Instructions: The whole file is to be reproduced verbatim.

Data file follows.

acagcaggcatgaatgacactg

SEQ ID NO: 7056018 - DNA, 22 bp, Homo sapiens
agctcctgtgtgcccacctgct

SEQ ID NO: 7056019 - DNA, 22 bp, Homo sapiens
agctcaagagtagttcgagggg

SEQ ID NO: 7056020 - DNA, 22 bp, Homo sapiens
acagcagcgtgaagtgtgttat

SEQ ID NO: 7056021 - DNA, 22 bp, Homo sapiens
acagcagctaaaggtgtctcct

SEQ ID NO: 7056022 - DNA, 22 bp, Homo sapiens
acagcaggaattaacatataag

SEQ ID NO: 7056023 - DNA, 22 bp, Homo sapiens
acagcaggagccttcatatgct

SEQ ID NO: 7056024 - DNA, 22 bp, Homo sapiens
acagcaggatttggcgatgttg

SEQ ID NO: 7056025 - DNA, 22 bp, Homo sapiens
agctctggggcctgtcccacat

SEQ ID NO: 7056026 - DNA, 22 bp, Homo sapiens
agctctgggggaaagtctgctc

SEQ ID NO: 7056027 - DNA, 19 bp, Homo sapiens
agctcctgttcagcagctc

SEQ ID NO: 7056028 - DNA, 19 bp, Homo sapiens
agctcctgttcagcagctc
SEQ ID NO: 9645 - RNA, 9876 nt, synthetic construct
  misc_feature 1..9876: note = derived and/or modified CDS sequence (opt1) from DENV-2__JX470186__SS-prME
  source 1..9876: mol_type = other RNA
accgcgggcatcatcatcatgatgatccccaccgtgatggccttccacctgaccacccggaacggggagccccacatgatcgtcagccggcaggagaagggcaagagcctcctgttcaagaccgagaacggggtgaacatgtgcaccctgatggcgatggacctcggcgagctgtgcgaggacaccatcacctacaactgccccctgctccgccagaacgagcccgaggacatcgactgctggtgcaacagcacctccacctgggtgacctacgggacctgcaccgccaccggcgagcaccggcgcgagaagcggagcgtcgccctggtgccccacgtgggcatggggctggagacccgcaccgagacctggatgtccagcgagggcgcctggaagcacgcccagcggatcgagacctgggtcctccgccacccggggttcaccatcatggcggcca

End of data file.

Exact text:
acagcaggcatgaatgacactg

SEQ ID NO: 7056018 - DNA, 22 bp, Homo sapiens
agctcctgtgtgcccacctgct

SEQ ID NO: 7056019 - DNA, 22 bp, Homo sapiens
agctcaagagtagttcgagggg

SEQ ID NO: 7056020 - DNA, 22 bp, Homo sapiens
acagcagcgtgaagtgtgttat

SEQ ID NO: 7056021 - DNA, 22 bp, Homo sapiens
acagcagctaaaggtgtctcct

SEQ ID NO: 7056022 - DNA, 22 bp, Homo sapiens
acagcaggaattaacatataag

SEQ ID NO: 7056023 - DNA, 22 bp, Homo sapiens
acagcaggagccttcatatgct

SEQ ID NO: 7056024 - DNA, 22 bp, Homo sapiens
acagcaggatttggcgatgttg

SEQ ID NO: 7056025 - DNA, 22 bp, Homo sapiens
agctctggggcctgtcccacat

SEQ ID NO: 7056026 - DNA, 22 bp, Homo sapiens
agctctgggggaaagtctgctc

SEQ ID NO: 7056027 - DNA, 19 bp, Homo sapiens
agctcctgttcagcagctc

SEQ ID NO: 7056028 - DNA, 19 bp, Homo sapiens
agctcctgttcagcagctc
SEQ ID NO: 9645 - RNA, 9876 nt, synthetic construct
  misc_feature 1..9876: note = derived and/or modified CDS sequence (opt1) from DENV-2__JX470186__SS-prME
  source 1..9876: mol_type = other RNA
accgcgggcatcatcatcatgatgatccccaccgtgatggccttccacctgaccacccggaacggggagccccacatgatcgtcagccggcaggagaagggcaagagcctcctgttcaagaccgagaacggggtgaacatgtgcaccctgatggcgatggacctcggcgagctgtgcgaggacaccatcacctacaactgccccctgctccgccagaacgagcccgaggacatcgactgctggtgcaacagcacctccacctgggtgacctacgggacctgcaccgccaccggcgagcaccggcgcgagaagcggagcgtcgccctggtgccccacgtgggcatggggctggagacccgcaccgagacctggatgtccagcgagggcgcctggaagcacgcccagcggatcgagacctgggtcctccgccacccggggttcaccatcatggcggcca